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Los Angeles Examiner
Part Two
Copyright. 1931. by Los Angeles Examiner

Quoted in Los Angeles Yesterday

Austria..  14.15
Belgium..  13.99
Bulgaria..   .76
Czecho-Slovakia  2.98½
Denmark..  26.77
France....  3.93½ 
Germany.   23.71

Australia.   3.81
Holland..   40.34
Great  Britain.  486.00
Greece...    1.32
Italy....    5.24
Jugoslavia.  1.78
Rumania.      .62

Spain......   9.04
Mexico.....  49.35
Hongkong...  24.70
Sweden.....  26.80
Switzerland. 19.34
Norway.....  26.77
India......  36.01
Japan......  49.40

England.484.75  France..3.89½  Canada..99.53  Italy..5.19

[[column 1]]

Addition of 25 Police Radio Cars Also Sought; Garland Joins 'Protection' Appeal

City Declared Worst-Guarded in America; Chief's Plea Represents 'Estimate' Cut


Here is table comparing the police departments of the largest American cities. Out of nine major cities Los Angeles is last:

City— | Police per 100,000 Population | Police per Sq.Mi. 
Boston | 310.8 | 52.7
New York | 269.1 | 59.3
Washington, D. C. | 259.2 | 18.1
Philadelphia | 253.9 | 38.5
Detroit | 242.8 | 27.2
St. Louis | 225.5 | 29.8
San Francisco | 206.2 | 27.1
Chicago | 191.4 | 31.1
LOS ANGELES | 192.8 |  5.4

Thousands of visitors who will come to Los Angeles for the International Olympic Games next year will find that—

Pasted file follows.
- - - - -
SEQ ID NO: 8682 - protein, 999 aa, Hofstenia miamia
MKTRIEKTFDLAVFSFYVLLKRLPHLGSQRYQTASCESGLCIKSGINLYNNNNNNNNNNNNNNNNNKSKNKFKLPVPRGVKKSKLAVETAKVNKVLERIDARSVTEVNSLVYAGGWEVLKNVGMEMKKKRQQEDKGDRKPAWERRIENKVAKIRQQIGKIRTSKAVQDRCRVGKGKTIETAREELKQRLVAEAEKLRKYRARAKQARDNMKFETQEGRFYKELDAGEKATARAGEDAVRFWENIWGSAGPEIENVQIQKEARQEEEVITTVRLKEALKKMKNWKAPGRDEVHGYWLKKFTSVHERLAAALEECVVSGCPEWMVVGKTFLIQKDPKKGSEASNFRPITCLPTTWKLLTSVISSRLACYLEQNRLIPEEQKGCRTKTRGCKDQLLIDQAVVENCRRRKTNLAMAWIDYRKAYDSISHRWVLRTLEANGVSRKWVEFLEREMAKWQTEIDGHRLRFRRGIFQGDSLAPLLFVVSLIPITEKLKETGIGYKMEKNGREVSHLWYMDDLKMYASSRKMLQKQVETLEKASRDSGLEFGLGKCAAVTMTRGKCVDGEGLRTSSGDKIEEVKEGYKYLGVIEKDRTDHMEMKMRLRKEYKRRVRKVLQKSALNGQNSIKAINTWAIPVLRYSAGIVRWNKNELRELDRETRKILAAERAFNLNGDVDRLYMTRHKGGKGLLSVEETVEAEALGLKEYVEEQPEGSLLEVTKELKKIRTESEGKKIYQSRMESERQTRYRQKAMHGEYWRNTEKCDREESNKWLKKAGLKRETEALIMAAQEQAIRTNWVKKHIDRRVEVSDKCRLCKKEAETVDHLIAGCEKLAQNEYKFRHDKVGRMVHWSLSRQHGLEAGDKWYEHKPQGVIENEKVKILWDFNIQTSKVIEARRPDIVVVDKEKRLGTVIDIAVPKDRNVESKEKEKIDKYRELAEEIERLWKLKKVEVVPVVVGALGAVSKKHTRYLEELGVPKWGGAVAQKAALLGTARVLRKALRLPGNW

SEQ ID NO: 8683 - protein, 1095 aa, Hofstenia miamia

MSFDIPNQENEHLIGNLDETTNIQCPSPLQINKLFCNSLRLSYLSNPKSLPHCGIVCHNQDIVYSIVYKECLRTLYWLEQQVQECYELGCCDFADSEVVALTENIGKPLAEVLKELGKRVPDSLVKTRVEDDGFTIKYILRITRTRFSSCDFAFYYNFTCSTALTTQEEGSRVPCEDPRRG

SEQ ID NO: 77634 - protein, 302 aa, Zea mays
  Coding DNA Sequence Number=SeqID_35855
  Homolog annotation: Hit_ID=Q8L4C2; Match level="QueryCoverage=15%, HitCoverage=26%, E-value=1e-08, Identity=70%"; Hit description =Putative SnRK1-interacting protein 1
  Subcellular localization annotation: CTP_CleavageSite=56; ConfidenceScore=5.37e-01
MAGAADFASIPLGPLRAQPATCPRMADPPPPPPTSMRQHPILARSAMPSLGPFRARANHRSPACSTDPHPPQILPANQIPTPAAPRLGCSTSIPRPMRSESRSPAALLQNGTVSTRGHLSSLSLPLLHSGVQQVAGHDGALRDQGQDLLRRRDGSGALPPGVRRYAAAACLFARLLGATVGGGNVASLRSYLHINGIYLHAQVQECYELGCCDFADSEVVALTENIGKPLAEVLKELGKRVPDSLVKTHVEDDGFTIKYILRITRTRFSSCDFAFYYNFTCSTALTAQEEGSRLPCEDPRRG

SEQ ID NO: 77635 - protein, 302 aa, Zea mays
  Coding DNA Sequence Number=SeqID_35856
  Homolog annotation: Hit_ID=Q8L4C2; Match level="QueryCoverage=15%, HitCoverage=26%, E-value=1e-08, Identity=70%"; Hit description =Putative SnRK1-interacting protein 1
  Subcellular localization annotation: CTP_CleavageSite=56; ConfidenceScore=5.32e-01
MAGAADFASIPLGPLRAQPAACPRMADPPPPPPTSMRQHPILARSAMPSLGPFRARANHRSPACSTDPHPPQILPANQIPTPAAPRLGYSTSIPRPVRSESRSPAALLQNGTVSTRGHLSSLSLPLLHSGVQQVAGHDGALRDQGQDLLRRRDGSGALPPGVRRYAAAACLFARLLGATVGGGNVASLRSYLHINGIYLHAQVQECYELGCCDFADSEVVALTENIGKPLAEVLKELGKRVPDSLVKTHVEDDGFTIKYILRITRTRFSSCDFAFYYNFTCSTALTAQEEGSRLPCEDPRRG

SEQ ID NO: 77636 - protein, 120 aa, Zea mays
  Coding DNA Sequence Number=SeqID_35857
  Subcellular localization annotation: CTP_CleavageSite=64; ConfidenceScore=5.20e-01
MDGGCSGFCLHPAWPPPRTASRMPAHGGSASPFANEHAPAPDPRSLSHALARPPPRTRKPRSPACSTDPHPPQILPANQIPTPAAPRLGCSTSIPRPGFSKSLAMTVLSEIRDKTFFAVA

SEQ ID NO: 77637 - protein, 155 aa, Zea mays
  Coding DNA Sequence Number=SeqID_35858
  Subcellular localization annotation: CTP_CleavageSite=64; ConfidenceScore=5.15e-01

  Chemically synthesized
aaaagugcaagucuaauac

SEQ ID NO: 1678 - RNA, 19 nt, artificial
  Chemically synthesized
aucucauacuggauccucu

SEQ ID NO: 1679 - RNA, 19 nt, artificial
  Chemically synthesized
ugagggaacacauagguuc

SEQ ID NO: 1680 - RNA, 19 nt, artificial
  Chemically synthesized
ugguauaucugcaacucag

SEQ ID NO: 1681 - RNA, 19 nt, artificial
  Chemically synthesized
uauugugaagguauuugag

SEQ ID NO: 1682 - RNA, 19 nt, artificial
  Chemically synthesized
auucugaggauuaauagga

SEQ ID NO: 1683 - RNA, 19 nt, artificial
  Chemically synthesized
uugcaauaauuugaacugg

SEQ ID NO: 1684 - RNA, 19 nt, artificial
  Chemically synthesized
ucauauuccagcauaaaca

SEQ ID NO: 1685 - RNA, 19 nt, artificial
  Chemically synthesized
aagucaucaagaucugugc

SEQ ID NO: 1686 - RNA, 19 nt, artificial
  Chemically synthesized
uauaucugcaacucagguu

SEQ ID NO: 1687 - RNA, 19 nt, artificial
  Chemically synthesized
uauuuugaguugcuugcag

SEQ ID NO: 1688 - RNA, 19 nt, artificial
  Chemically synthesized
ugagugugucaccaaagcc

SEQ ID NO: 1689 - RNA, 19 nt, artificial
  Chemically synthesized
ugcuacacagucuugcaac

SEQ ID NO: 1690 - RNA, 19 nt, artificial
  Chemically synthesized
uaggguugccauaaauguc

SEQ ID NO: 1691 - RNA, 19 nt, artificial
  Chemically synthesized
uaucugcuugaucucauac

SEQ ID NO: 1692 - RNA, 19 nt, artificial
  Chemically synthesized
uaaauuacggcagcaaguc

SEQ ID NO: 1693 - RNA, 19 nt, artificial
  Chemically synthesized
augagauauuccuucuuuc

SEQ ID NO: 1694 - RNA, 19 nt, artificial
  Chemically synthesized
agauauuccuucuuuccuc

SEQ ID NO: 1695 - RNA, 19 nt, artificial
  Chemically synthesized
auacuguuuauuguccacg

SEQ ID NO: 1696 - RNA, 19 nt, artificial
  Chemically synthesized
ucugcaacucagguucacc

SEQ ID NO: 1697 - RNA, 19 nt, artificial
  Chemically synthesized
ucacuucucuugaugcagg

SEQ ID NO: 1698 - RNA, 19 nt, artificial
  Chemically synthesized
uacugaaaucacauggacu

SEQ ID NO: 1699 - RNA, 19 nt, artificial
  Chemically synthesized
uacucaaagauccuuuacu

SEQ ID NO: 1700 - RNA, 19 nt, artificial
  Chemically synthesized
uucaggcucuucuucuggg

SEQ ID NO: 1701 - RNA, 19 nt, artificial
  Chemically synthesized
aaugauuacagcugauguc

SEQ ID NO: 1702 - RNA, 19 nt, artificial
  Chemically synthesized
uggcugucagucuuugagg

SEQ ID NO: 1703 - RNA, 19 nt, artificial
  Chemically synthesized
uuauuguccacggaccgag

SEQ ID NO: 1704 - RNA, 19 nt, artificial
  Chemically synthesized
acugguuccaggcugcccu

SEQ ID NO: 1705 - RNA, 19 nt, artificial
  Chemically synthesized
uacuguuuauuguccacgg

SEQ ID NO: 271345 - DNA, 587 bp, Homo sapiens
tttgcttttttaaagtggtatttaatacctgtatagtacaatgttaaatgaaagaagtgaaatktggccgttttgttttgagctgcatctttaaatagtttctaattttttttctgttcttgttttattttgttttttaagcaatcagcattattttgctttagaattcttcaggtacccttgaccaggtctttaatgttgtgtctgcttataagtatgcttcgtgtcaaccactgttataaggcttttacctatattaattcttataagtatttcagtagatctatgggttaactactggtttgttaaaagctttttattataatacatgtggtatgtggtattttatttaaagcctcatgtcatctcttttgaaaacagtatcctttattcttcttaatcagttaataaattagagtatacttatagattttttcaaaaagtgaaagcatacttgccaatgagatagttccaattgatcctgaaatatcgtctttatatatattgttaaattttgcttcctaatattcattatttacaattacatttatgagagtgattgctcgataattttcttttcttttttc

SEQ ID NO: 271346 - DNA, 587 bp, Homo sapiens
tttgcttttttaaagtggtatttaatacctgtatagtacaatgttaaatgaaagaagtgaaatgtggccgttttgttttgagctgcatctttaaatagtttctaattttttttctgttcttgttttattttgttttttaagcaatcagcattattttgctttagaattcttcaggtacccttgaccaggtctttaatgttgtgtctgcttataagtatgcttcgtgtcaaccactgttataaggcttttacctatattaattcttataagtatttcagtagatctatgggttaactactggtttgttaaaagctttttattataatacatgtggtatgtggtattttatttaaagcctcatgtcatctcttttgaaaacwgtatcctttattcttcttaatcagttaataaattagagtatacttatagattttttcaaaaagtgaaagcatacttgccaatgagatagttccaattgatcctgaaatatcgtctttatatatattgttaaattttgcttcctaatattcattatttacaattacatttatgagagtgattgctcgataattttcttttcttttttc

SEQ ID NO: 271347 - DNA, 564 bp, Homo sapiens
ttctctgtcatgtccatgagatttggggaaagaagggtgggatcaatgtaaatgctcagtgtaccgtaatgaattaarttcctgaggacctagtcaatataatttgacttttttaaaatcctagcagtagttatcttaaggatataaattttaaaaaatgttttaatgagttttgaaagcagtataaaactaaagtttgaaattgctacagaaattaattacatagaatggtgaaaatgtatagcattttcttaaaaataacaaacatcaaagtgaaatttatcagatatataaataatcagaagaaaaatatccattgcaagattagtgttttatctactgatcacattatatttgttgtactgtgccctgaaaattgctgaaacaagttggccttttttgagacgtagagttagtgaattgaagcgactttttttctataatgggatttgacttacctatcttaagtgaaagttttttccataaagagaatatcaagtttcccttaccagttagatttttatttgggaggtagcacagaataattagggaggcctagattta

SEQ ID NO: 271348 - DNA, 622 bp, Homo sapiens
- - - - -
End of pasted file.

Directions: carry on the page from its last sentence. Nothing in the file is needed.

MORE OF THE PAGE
This startling fact, backed by recently compiled figures, can only be overcome by the immediate addition of 500 men to the department.

And Chief of Police R.E. Steckel yesterday made known that he is ready to bargain with the city powers and cut his demand for additional officers from 1000 to 500.

Radio Cars Help

"Give me 500 additional men and 25 new radio cars and I will be ready for the Olympic Games rush," declares Steckel.

[[column 2]]

'First American Aviatrix' Claim Challenged Here

Blanche Stuart Scott, Writer, Says Her Record Predates Santa Ana Woman's

Blanche Stuart Scott doesn't want to start a controversy about who was America's first woman aviator -

[[caption]] BLANCHE SCOTT As she appeared in 1912 garb ready for takeoff in early-day plane. [[/caption]]

But, just the same, she earnestly believes she was about three weeks ahead of Dr. Beccisa Raiche of Santa Ana, recently heralded as the first woman to make an airplane flight in the United States.

"It's all ancient history now and the modern girls are doing so many wonder-things we never dreamed of," she explained. "But after thinking for 20 years that you were first, it is disheartening to be told you were not."

Miss Scott, Hollywood scenario writer, has lots of clippings and photos, dated 1910, 1911 and 1912, describing her as "first aviatrix," picturing weird "crates" and "aeroplanes," odd costumes and picture hats.

But no definite document is among them to prove that she took to the air before September 16, 1910, the date of Dr. Raiche's historic Long Island flight.